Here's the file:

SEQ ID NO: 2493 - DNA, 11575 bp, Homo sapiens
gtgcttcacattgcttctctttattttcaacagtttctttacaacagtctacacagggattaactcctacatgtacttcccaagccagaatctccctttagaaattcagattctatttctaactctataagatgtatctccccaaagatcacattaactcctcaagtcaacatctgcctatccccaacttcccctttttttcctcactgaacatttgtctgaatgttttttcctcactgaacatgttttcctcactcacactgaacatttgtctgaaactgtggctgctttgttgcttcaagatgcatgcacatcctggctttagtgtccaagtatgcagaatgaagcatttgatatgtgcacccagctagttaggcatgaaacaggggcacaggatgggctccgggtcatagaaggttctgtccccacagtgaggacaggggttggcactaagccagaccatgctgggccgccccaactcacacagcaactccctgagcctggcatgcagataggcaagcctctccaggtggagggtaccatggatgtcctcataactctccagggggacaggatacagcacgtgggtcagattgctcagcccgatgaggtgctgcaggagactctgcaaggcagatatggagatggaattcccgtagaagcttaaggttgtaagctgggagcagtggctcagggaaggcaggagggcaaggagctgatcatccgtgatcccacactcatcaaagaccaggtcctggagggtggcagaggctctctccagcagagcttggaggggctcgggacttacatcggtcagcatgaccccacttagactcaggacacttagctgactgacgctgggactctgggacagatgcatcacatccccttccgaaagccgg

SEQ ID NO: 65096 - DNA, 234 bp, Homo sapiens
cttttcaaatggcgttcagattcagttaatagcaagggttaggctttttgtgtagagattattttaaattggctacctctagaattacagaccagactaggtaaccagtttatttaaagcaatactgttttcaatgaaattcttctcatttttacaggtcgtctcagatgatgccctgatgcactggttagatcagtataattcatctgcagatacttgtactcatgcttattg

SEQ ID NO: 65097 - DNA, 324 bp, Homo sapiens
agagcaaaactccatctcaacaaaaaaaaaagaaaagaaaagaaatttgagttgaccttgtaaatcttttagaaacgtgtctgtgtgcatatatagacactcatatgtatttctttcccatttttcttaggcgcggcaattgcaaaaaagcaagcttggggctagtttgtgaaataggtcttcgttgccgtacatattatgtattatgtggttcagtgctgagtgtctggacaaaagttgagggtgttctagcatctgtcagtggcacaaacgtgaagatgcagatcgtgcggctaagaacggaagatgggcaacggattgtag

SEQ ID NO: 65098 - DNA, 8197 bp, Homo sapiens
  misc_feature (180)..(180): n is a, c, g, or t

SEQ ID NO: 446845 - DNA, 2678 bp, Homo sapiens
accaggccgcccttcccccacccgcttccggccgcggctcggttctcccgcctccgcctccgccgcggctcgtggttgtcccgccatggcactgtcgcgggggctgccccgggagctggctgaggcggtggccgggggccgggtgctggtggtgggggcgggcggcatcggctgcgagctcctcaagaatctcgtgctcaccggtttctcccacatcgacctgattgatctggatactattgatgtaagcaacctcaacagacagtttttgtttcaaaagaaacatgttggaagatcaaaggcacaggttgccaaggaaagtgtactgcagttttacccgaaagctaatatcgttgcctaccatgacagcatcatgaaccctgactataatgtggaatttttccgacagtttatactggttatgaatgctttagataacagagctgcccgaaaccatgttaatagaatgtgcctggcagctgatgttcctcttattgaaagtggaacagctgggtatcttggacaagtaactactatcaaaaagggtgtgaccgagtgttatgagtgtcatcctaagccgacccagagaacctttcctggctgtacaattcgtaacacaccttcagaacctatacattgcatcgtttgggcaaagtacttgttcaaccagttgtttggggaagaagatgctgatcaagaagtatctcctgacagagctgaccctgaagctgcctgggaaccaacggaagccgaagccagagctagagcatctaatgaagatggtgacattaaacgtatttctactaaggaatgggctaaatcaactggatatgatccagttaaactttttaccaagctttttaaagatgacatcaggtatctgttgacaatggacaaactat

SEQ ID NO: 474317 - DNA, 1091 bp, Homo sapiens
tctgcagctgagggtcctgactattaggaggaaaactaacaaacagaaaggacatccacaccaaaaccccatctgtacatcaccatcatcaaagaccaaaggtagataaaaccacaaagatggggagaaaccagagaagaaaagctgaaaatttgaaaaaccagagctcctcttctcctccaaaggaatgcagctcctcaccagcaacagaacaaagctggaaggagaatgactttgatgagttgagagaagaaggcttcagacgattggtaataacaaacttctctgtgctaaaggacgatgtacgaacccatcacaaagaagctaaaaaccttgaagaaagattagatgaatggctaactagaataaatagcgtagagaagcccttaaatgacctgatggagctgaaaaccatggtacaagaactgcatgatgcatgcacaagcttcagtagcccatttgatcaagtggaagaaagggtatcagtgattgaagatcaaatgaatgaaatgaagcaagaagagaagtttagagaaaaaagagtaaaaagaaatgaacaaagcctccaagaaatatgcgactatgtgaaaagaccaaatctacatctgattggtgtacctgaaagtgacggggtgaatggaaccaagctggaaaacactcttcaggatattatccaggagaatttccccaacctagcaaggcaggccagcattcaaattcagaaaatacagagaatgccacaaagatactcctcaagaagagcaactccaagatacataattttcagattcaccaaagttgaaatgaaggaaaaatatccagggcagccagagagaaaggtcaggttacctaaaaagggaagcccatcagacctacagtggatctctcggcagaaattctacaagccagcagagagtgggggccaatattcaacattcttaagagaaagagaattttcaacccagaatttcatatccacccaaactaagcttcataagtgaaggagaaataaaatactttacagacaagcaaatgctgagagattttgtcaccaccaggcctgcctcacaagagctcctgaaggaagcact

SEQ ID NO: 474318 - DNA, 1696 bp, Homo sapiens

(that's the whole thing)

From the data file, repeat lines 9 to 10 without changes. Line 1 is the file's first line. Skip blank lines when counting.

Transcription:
SEQ ID NO: 446845 - DNA, 2678 bp, Homo sapiens
accaggccgcccttcccccacccgcttccggccgcggctcggttctcccgcctccgcctccgccgcggctcgtggttgtcccgccatggcactgtcgcgggggctgccccgggagctggctgaggcggtggccgggggccgggtgctggtggtgggggcgggcggcatcggctgcgagctcctcaagaatctcgtgctcaccggtttctcccacatcgacctgattgatctggatactattgatgtaagcaacctcaacagacagtttttgtttcaaaagaaacatgttggaagatcaaaggcacaggttgccaaggaaagtgtactgcagttttacccgaaagctaatatcgttgcctaccatgacagcatcatgaaccctgactataatgtggaatttttccgacagtttatactggttatgaatgctttagataacagagctgcccgaaaccatgttaatagaatgtgcctggcagctgatgttcctcttattgaaagtggaacagctgggtatcttggacaagtaactactatcaaaaagggtgtgaccgagtgttatgagtgtcatcctaagccgacccagagaacctttcctggctgtacaattcgtaacacaccttcagaacctatacattgcatcgtttgggcaaagtacttgttcaaccagttgtttggggaagaagatgctgatcaagaagtatctcctgacagagctgaccctgaagctgcctgggaaccaacggaagccgaagccagagctagagcatctaatgaagatggtgacattaaacgtatttctactaaggaatgggctaaatcaactggatatgatccagttaaactttttaccaagctttttaaagatgacatcaggtatctgttgacaatggacaaactat